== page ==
Conditionnel Présent (Conditional Present) Tense Conjugation of the French Verb canoter
Conditionnel Passé (Conditional Past) Tense Conjugation of the French Verb canoter
L’impératif Présent (Imperative Present) Tense Conjugation of the French Verb canoter
L’infinitif Présent (Infinitive Present) Tense Conjugation of the French Verb canoter
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Canoter – About the French Subjonctif Imparfait (Subjunctive Imperfect) Tense
The French Subjonctif Imparfait, also known as the imperfect subjunctive, is a verb tense used to express actions, states, or conditions that are uncertain, subjective, or hypothetical in the past. It is used in a variety of situations, including wishes, doubts, emotions, and polite requests, and often occurs in dependent clauses following certain expressions and conjunctions.
To form the Subjonctif Imparfait, you typically start with the third person plural (ils/elles) form of the verb in the imparfait (imperfect) tense. Then, you remove the -ent ending and add the appropriate endings:
– For regular -er verbs: je -sse, tu -sses, il/elle/on -t, nous -ssions, vous -ssiez, ils/elles -ssent.
– For regular -ir and -re verbs: je -sse, tu -sses, il/elle/on -t, nous -ssions, vous -ssiez, ils/elles -ssent.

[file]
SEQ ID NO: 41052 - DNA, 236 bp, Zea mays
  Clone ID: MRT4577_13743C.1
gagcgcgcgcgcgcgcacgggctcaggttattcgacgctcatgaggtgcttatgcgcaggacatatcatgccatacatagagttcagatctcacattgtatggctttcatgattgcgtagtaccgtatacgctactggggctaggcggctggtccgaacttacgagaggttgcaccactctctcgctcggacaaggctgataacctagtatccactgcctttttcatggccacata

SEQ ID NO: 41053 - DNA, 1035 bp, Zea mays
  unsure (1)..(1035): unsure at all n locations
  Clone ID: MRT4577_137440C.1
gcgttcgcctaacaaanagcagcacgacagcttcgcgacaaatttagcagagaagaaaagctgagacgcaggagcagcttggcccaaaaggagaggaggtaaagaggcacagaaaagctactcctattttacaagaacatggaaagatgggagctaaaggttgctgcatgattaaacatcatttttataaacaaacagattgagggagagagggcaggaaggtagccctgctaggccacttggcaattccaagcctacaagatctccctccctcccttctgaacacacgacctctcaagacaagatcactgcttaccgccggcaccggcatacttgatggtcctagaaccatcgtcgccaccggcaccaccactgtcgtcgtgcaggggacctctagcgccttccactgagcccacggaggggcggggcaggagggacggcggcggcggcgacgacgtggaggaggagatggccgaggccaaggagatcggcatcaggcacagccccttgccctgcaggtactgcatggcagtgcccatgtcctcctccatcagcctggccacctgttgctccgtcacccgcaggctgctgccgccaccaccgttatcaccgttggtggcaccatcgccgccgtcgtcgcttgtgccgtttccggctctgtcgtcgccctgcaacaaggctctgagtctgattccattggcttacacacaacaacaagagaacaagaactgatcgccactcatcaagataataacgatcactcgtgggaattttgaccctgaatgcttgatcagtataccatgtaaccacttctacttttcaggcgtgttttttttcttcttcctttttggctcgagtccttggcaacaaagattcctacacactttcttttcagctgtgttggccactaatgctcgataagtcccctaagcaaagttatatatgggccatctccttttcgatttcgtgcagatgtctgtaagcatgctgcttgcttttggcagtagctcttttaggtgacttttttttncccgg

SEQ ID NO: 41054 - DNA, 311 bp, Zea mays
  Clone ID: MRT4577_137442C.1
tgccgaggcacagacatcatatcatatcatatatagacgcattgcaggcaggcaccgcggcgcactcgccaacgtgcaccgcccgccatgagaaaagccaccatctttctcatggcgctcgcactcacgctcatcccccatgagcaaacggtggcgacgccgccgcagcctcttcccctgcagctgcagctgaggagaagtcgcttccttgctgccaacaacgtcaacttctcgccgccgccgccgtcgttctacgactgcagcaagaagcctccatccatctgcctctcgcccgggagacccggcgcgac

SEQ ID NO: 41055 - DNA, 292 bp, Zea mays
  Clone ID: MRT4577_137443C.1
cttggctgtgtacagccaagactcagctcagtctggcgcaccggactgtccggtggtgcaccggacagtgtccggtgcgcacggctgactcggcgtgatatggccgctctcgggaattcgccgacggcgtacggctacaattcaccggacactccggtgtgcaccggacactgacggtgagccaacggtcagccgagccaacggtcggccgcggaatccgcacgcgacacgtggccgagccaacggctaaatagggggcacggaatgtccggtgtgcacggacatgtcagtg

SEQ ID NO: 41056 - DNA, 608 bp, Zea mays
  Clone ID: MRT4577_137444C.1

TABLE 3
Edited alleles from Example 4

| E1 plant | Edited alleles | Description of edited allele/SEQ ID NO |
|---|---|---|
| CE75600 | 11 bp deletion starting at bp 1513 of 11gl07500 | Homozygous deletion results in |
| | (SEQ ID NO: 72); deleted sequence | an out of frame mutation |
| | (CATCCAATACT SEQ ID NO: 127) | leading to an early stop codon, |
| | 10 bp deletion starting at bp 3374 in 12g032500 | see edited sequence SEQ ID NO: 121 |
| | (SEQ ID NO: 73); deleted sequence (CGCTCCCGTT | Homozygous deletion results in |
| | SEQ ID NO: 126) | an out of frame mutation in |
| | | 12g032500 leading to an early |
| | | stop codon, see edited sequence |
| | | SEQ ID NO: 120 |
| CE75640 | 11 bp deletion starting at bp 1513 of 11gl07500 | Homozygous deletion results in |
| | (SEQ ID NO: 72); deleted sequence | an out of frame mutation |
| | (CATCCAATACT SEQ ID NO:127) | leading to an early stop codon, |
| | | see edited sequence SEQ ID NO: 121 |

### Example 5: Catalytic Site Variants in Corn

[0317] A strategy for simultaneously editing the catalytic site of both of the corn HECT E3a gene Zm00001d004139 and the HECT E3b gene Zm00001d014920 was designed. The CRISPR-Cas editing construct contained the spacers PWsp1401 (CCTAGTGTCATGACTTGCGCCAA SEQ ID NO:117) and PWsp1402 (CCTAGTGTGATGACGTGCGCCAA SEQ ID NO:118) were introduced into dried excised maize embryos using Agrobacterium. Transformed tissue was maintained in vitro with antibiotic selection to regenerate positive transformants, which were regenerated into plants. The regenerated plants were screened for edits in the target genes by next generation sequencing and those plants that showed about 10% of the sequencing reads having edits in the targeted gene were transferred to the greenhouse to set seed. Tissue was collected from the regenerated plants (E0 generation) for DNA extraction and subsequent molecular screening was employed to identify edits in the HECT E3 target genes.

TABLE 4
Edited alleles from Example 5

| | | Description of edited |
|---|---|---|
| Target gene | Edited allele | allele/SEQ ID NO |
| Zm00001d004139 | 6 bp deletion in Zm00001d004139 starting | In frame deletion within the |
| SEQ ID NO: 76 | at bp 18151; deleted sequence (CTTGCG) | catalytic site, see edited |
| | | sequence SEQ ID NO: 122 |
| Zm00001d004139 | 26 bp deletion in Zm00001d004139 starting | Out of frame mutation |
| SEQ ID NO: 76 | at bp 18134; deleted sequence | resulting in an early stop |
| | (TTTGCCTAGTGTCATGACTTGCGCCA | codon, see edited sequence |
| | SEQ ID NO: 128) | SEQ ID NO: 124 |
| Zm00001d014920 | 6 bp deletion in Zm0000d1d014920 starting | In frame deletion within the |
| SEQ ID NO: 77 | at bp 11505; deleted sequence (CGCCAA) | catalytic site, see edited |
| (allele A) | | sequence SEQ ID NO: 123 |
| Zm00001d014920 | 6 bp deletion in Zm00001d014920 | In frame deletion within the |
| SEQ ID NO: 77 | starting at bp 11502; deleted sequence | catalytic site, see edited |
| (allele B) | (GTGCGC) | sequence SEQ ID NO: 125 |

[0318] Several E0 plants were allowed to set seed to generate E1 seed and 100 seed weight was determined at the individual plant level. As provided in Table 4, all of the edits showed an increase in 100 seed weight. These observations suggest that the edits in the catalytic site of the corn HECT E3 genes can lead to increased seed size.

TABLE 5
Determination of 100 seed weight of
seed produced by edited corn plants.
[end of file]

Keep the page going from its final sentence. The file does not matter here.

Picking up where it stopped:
Common Everyday Usage Patterns
1. Expressing Doubt or Uncertainty: The Subjonctif Imparfait is used to express doubt or uncertainty about something that happened in the past.
Example: Il doutait qu’elle vînt à la fête. (He doubted that she came to the party.)
2. Wishes and Desires: It is used to express wishes or desires in the past.
Example: J’aurais aimé que tu fusses là. (I would have liked you to be there.)
3. Hypothetical Scenarios: The Subjonctif Imparfait is employed in hypothetical situations in the past.
Example: Si j’eusse su, j’aurais agi différemment. (If I had known, I would have acted differently.)
4. Polite Requests and Suggestions: It is used to make polite requests and suggestions in a formal or polite tone.
Example: Il souhaitait que vous vinssiez lui rendre visite. (He wished that you would come to visit him.)
Interactions with Other Tenses
The Subjonctif Imparfait is often used in dependent clauses with the Subjonctif Présent in the main clause, especially in complex sentences.
Example: Il faut que tu manges bien pour que tu aies de l’énergie. (You need to eat well so that you have energy.)
Indicatif Passé Composé
The Subjonctif Imparfait can be used alongside the Indicatif Passé Composé to indicate a contrast between a factual event and a hypothetical one.
Example: Il est parti avant que tu ne fusses arrivé. (He left before you arrived.)
The Subjonctif Imparfait is often used with the Conditional to express unreal or hypothetical situations in the past.
Example: J’aurais pu le faire si j’eusse eu plus de temps. (I could have done it if I had had more time.)
It can also be used with the Conditional Perfect to express unreal or hypothetical past events that would have occurred before other past events.
Example: J’aurais su s’il eût partagé l’information. (I would have known if he had shared the information.)
The Subjonctif Imparfait is a relatively complex tense, and its usage depends on the context and the verbs involved. It is essential to practice and become familiar with common expressions and contexts where this tense is appropriate to use it effectively in everyday French communication.